The three heavyweight champions sat ringside at the Spectrum in Philadelphia, trying very hard not to look like ducks in a row. They were dressed splendidly and radiated confidence in their royalty. But, for all that it matters, they might as well have been introduced to last Saturday night's fight crowd of about 8,000 as Huey, Dewey and Louie. With Mike Tyson's sputtering preliminaries now behind him, champs Frank Bruno, Bruce Seldon and Frans Botha suddenly had the look of obvious targets, becoming dates on a calender, victims in waiting. Lined up, all of them, one after the other, quacking in their boots.
Tyson's comeback—his quest to unify the division that he once dominated—now begins in earnest. His third-round knockout of Buster Mathis Jr. announced an end to his ring rehab and, whether he's ready or not, guaranteed that his next fight would be against a world titleholder. Don King, who patiently assembled a makeshift cast of champions under his promotional umbrella while Tyson was inside an Indiana prison serving a three-year sentence for rape, has already said that first up is Bruno, the WBC champion, on March 16 in Las Vegas. Next is Seldon, the WBA champ, on June 22, same place. Finally, on an unspecified day in September, Tyson is expected to fight Botha, possibly in the IBF champion's native South Africa. Then, with the titles presumably consolidated, a Nov. 2 fight back in Las Vegas, perhaps against Riddick Bowe or Lennox Lewis.
So circle those dates, put aside some money for the pay-per-view (forget about this free-TV deal you just enjoyed) and pretty much get your year in order for Tyson's return to glory. This thing is planned. Face it. If there were even one more duck in a row, the fight would have to be sanctioned by the Fish and Game people, not a boxing commission.
This all assumes you are sufficiently encouraged by what amounts to 10 minutes of boxing by Tyson over the last 4� years to size him up as a guy capable of doing what he did eight years ago in picking off the three heavyweight champions. Of course, Tyson was just 21 then, a force of nature, an X-Files kind of creation. He was promoted more as a monster than a boxer in those days, and he did little, in or out of the ring, to dispel that image. But he's 29 now, has known defeat in the ring and humiliation in public. He's altogether more human and perhaps a little less dangerous to all that pugilistic poultry out there.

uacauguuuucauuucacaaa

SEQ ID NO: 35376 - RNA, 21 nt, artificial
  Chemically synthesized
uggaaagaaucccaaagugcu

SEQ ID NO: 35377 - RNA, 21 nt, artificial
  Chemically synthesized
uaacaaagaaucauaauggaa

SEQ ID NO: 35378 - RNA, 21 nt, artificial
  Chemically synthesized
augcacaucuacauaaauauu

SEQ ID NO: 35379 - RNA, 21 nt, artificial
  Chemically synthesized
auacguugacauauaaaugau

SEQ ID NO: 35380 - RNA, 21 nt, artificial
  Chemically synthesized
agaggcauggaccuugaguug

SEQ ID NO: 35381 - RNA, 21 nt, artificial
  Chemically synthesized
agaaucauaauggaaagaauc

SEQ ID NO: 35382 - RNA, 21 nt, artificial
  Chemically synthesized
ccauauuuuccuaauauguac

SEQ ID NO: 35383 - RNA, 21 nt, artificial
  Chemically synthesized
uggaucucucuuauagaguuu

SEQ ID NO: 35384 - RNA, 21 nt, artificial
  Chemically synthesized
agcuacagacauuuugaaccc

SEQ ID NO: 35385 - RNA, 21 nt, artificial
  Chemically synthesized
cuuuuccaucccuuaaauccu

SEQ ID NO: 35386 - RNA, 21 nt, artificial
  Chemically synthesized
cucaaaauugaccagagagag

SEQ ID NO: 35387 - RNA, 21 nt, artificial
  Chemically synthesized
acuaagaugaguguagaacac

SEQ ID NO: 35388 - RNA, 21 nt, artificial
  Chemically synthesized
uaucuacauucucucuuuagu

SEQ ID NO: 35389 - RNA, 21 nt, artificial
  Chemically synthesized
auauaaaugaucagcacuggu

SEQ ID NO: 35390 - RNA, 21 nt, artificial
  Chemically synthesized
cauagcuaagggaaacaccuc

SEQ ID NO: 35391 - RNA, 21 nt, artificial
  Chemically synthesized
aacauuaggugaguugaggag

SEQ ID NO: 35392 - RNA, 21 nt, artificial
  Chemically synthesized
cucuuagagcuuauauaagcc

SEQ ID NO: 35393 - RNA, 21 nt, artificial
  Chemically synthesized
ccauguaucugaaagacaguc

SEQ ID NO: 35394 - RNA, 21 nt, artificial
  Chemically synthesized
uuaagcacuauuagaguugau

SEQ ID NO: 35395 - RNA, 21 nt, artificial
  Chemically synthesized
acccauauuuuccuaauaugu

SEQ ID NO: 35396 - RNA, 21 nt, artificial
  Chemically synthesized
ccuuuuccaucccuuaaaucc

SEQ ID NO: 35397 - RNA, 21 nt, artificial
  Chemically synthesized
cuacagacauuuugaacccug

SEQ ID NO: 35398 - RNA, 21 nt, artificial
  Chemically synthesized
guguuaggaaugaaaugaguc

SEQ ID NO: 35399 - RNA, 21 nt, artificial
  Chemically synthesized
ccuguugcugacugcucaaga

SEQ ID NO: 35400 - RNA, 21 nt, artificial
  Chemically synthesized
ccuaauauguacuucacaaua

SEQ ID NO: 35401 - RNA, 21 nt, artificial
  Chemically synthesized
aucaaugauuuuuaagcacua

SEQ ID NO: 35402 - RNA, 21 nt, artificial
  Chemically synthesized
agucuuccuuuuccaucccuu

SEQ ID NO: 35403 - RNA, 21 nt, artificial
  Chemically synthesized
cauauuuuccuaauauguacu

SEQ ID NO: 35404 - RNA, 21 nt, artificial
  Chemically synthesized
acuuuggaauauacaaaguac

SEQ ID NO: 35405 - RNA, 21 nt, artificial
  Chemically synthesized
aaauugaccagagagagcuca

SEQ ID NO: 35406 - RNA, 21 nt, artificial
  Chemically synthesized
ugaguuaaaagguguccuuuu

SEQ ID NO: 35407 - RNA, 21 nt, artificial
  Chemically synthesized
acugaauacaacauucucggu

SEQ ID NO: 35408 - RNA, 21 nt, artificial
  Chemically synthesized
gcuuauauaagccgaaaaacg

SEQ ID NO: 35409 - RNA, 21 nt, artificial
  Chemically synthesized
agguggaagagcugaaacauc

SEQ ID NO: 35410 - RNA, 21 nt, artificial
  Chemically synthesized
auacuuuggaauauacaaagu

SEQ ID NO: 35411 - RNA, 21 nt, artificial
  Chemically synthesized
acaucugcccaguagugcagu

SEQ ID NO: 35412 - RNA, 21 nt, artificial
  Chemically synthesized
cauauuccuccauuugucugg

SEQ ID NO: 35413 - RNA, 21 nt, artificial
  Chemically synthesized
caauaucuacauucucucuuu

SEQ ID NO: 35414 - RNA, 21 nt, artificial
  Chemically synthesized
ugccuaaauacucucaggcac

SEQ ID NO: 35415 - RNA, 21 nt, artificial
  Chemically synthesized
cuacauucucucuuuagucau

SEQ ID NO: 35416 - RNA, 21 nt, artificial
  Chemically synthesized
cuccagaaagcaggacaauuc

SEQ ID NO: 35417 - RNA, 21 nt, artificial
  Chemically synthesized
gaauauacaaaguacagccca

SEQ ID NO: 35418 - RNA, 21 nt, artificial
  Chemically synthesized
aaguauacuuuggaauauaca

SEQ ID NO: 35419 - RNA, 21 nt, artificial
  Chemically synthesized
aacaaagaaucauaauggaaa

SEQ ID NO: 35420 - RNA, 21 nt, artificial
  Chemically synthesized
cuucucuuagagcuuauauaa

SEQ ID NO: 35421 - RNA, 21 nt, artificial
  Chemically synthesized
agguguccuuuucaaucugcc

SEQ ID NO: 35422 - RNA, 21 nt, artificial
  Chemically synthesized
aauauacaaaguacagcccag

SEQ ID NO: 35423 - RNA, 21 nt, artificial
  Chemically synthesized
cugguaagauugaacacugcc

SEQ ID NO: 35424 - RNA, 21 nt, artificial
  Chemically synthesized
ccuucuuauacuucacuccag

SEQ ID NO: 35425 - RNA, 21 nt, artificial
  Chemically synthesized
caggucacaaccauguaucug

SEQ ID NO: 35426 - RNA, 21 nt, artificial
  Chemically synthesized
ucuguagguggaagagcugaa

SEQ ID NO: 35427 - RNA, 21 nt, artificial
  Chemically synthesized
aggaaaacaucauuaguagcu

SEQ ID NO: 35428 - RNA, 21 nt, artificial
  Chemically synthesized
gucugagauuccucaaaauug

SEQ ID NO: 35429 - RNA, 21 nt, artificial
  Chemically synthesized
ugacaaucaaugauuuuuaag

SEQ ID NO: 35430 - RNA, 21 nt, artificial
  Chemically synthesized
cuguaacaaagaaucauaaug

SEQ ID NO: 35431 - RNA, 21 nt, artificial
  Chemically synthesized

However, his Mathis fight was somewhat persuasive. In the ring with a proven fighter this time instead of an opportunist, Tyson displayed the kind of power that causes fans to cheer his comeback, to return their faith to a badly damaged sport. Tyson was wild, yes, almost in the same way he was against Peter McNeeley last August, Tyson's first fight after his release from prison. In fact, he may not have connected with a single hard punch in the first round last Saturday. "I was lullabying him," he said afterward. But every missed right hand promised Mathis's eventual demise. Tyson wasn't going to miss every one of them.
Mathis, however badly outgunned in this match, at least knew how to protect himself. From the opening bell he bore in on Tyson, choosing the safety of an inside game where he could alternately clinch and pepper Tyson with quick but light hands. This was his announced strategy, and he kept to it and was effective, bobbing and weaving, for two rounds. "The problem," admitted Mathis's trainer, Joey Fariello, "is Buster fires BBs and Tyson fires bombs."
And in the third round Tyson unloaded one from the right side, an uppercut that landed squarely on Mathis's cheek and did all the damage. Two punches later Mathis was on the seat of his pants, wondering what had happened. "When I looked up," Mathis recollected pleasantly at the postfight press conference, "the referee was at five. I thought, Damn, this man is counting fast." Referee Frank Cappuccino was at 10 before Mathis could properly formulate an action, and the fight ended 2:32 into the round. A half hour later Mathis still seemed a little goofy. Following Tyson into the press conference, where the winner was holding forth under a black homburg, all Mathis could think to say to Tyson was, "You O.K.?" Tyson smothered a smirk and assured him he was fine.
If this was evidence of Tyson's old concussive kinetics, great. He was back. Even Tyson seemed to take pleasure in the event, as if finally satisfied that he still has what it takes. At times he remained suspicious and irritable, as he was when asked about the final combination. He said, "It just manifested itself. I can't articulate the particular science of it." But at other moments he seemed very comfortable with himself. Talking about missed haymakers, during which he was "lullabying" Mathis into a false sense of security, he said, "It was a plot, a setup. Just like society." He was pleased with that remark.
Predictably, not everybody was taken aback by Tyson's dismantling of Mathis. Huey, that is to say, Bruno, thought Tyson was "very, very rusty." Tyson KO'd Bruno in the fifth round in 1989, but Bruno, who won the WBC title from Oliver McCall last September, says the rematch will be different. "He will not live with me for five rounds."
Dewey, or rather Bruce Seldon, thought Tyson lacked timing, but he was too respectful of the millions a Tyson fight would bring him to say anything more. Louie, who is promoted as the White Buffalo (but whom we know as Frans Botha, the Luckiest Man on Earth, since his IBF title, won in a controversial decision over Axel Schulz on Dec. 9, puts him in line for some of the Tyson loot), chose not to lurk during the press conference.